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The UK foreign secretary has called on allies to reduce Russia and China’s rise

Liz Truss, the UK foreign secretary, has called on liberal governments to “keep an eye on international terrorists” in a series of strong criticisms of Russia and China.

Truss said Moscow and Beijing were “encouraged in a way we have not seen since the Cold War” at the address at the Lowy Institute, a publicity tank in Sydney, following discussions with an Australian counterpart.

Truss and Ben Wallace, the UK secretary for security, are in Sydney to discuss with the Australian government the next security issue. signing the Aukus agreement last year. A joint venture between London, Canberra and Washington was set up to help Australia acquire nuclear submarines as part of an effort to tackle growing China.

Foreign Secretary Marise Payne, Australia’s foreign minister, signed a memorandum of understanding on Thursday to work together to combat cyber security threats and to raise regional funding for peace in the Indo-Pacific region.

Truss used his rhetoric to get Vladimir Putin, President of Russia, out of his reach fight against Ukraine “before making a serious mistake”.

Moscow has mobilized more than 100,000 troops on its border with Ukraine and Western allies including the US have warned that Putin could stay. preparing for the invasion. Russia has rejected such plans.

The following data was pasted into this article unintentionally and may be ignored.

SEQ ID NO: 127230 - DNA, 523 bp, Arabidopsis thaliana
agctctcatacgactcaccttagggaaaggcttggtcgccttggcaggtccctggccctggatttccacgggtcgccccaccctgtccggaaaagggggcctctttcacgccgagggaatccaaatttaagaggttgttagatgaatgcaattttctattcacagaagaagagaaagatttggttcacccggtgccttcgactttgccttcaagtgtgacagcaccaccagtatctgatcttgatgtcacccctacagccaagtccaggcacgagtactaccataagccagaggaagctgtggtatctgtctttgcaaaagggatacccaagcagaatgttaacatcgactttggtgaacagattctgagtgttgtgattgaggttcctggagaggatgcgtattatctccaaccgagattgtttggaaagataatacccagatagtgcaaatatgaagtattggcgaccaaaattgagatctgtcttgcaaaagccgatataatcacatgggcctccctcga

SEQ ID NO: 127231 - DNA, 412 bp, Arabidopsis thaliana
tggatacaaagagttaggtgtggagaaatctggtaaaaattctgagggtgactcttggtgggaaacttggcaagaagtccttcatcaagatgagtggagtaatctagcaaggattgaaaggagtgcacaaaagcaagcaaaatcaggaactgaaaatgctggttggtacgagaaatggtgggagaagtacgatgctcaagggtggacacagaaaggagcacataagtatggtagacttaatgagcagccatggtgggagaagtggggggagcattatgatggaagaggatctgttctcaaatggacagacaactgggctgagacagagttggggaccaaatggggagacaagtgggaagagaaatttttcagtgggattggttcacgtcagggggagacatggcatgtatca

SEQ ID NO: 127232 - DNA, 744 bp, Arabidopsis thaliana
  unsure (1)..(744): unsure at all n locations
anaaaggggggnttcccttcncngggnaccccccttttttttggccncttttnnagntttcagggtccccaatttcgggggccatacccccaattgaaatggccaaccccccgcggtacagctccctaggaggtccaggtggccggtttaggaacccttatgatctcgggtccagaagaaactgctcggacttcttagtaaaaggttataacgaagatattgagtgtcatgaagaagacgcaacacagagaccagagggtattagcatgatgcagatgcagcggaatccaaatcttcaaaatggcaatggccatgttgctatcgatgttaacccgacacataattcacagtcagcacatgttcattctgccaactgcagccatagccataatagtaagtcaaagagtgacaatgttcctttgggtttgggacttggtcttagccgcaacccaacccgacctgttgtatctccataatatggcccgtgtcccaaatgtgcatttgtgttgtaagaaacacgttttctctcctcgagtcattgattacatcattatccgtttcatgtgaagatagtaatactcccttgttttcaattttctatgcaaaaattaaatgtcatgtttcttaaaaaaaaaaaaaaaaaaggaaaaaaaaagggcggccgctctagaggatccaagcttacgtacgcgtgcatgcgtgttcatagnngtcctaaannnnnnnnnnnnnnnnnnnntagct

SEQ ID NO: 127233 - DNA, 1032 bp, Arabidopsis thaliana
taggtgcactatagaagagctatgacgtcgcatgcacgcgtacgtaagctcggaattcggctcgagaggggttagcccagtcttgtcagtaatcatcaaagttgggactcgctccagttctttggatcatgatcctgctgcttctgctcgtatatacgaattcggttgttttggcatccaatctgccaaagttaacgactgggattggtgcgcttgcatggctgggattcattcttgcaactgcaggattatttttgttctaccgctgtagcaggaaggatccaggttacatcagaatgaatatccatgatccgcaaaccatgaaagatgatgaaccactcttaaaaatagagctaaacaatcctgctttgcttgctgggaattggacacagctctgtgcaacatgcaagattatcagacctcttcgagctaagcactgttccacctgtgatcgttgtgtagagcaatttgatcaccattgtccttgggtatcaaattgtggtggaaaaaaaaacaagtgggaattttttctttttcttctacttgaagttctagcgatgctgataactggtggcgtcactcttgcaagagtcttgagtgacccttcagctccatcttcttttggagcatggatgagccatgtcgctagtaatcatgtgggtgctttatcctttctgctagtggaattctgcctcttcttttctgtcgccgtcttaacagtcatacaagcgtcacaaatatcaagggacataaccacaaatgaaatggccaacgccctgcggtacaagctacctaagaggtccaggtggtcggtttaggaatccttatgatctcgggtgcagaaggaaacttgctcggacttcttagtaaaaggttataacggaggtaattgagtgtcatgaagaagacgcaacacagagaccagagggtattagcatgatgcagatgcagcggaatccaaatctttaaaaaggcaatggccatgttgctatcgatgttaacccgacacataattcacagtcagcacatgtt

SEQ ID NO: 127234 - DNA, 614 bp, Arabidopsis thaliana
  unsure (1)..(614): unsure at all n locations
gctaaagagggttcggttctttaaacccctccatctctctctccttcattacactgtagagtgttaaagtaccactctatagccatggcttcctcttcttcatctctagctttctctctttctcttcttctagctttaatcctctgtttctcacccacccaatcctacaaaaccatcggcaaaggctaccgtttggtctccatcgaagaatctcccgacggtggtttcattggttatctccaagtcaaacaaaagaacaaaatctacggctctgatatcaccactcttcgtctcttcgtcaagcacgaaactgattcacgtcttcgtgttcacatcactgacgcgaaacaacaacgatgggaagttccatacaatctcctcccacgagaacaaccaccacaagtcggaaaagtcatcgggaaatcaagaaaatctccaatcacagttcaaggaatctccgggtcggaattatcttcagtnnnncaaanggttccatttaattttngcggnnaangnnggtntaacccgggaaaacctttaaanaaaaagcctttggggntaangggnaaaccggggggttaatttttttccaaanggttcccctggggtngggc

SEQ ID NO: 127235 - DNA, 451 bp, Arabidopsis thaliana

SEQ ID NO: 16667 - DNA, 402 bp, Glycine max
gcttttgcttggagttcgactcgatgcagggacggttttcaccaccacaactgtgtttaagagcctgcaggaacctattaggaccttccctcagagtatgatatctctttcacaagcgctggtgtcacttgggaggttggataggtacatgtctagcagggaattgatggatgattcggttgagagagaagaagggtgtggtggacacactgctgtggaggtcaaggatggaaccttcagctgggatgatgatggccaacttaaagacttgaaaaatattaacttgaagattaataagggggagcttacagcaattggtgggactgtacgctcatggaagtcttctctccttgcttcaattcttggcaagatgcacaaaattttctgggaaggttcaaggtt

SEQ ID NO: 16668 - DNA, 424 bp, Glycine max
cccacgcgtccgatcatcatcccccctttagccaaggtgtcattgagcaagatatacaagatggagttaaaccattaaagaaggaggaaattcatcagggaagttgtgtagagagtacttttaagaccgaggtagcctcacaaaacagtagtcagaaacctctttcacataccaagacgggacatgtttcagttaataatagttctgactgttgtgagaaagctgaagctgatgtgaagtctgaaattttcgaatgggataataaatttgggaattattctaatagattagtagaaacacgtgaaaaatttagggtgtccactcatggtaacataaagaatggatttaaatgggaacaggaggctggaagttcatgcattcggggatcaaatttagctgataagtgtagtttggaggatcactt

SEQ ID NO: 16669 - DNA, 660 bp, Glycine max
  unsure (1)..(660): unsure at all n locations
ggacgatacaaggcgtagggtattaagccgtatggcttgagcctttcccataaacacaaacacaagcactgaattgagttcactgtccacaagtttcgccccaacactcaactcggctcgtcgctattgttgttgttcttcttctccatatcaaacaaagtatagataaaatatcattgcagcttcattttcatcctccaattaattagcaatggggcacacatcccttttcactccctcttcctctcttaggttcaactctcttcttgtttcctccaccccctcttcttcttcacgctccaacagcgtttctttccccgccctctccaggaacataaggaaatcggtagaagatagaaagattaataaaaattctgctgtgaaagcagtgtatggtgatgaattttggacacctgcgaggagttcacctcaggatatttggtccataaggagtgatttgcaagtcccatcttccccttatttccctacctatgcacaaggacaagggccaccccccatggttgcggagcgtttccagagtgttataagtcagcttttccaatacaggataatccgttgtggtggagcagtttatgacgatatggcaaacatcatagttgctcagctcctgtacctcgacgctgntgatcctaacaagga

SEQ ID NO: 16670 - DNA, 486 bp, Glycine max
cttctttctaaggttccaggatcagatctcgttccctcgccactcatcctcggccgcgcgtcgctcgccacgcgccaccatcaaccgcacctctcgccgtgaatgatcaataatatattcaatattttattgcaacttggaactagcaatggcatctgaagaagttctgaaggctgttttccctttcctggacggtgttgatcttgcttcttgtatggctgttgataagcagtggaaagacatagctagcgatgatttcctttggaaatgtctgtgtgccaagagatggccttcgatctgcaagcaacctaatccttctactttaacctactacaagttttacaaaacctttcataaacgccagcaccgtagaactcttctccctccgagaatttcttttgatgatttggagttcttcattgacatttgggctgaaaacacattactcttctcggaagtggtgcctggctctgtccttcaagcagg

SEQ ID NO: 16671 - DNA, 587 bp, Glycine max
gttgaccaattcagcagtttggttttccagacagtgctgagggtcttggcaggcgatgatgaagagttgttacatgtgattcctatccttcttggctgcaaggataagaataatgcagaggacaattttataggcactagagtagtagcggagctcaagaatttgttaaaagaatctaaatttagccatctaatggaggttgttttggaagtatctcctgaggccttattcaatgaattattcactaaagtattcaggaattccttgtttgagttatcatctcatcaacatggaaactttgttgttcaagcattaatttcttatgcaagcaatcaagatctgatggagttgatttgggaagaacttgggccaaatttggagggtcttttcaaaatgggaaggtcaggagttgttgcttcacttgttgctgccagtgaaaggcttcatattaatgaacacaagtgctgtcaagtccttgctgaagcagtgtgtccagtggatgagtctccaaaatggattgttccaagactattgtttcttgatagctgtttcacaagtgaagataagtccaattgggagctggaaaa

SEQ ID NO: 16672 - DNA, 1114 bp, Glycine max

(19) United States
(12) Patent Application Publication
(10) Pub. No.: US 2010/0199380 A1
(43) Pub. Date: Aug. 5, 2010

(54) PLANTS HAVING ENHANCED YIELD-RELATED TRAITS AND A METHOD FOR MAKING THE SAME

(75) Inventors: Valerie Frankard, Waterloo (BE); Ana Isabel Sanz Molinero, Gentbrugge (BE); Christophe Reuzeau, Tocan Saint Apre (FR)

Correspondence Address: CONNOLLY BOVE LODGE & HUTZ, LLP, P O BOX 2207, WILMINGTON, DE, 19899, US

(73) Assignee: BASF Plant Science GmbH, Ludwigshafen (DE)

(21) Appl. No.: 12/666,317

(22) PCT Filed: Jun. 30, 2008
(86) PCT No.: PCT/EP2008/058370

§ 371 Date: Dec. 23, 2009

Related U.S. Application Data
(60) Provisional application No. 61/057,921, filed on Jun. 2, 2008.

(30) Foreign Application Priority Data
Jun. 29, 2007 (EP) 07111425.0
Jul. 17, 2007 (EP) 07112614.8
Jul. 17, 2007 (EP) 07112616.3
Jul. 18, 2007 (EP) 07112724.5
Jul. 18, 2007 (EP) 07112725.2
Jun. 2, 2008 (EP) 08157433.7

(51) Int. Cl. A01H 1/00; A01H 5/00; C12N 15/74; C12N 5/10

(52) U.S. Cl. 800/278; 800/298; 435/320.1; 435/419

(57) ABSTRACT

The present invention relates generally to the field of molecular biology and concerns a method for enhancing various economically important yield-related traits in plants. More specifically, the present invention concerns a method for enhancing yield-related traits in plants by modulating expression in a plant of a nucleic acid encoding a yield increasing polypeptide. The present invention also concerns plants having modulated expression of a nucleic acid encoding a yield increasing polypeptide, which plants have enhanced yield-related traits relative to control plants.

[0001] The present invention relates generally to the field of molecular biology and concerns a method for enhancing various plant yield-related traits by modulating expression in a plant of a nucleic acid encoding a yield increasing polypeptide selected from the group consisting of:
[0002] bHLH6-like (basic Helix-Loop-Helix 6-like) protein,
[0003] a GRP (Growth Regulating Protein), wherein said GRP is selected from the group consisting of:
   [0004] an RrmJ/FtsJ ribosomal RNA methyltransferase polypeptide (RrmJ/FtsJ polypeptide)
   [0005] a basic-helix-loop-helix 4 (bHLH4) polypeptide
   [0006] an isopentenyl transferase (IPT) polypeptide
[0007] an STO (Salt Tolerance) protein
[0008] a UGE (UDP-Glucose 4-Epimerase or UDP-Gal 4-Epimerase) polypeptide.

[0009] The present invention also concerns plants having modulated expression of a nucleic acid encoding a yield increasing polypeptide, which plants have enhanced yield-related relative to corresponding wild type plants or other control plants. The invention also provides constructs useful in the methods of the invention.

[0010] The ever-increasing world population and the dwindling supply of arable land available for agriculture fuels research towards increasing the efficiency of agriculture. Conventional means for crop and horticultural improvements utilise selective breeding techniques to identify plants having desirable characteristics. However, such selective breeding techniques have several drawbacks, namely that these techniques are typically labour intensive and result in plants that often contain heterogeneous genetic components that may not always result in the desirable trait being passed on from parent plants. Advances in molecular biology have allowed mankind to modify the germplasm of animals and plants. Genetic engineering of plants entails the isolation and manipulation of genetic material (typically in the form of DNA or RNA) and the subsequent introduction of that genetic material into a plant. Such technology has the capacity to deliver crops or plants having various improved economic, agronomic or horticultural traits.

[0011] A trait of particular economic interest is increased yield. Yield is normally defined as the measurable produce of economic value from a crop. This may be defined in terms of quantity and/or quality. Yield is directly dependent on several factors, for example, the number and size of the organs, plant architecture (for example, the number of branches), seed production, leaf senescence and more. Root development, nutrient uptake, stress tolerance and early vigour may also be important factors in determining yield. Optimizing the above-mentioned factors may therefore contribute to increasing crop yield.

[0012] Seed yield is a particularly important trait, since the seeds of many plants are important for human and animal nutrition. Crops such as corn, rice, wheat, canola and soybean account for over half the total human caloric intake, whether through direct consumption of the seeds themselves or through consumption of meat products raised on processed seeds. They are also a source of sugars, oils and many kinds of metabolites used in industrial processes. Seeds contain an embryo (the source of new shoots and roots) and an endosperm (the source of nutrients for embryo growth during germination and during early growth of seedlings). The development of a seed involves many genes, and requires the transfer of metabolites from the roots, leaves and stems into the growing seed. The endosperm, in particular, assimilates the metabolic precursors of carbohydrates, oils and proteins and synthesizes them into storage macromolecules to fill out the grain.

“The insurgency will only bring deadly mud and the loss of life, as we know from the Soviet-Afghan war and the conflict in Chechnya,” Truss said.

He also spoke of a strong partnership between countries including Australia, the UK, Japan, India, Indonesia and Israel to reduce the growing power of “global tyranny”.

“It wants to export dictatorship as a global operation. That is why governments like Belarus, North Korea and Myanmar find strong allies in Moscow and Beijing,” he said.

At a press conference with Wallace and Payne, as well as Peter Dutton, Australia’s security minister, Truss sought to emphasize the importance of alliances like the Aukus.

He also referred to “economic coercion” in China Australia and Lithuania, Russia’s military “wars” and Iran’s attempts to acquire nuclear weapons were a threat to trade security and security in the region.

Payne backed the comments, saying the “uncontrolled violence” of authoritarian governments should not be tolerated by democratic regimes.

Wallace added that “nothing is on the table” when asked if Britain could set up an army in Australia.

A strong speech by the UK foreign secretary, who quoted Margaret Thatcher, quoted as Boris Johnson war to remain prime minister in spite of domestic violence and revolt against Conservative Party MPs.

Truss was known to be competing with Johnson if he stood up and followed the so-called. Partygate scandal, which affected several Downing Street incidents that allegedly violated coronavirus restrictions.

He also said in Sydney that he supports Johnson “100 percent” and wants him to continue working.

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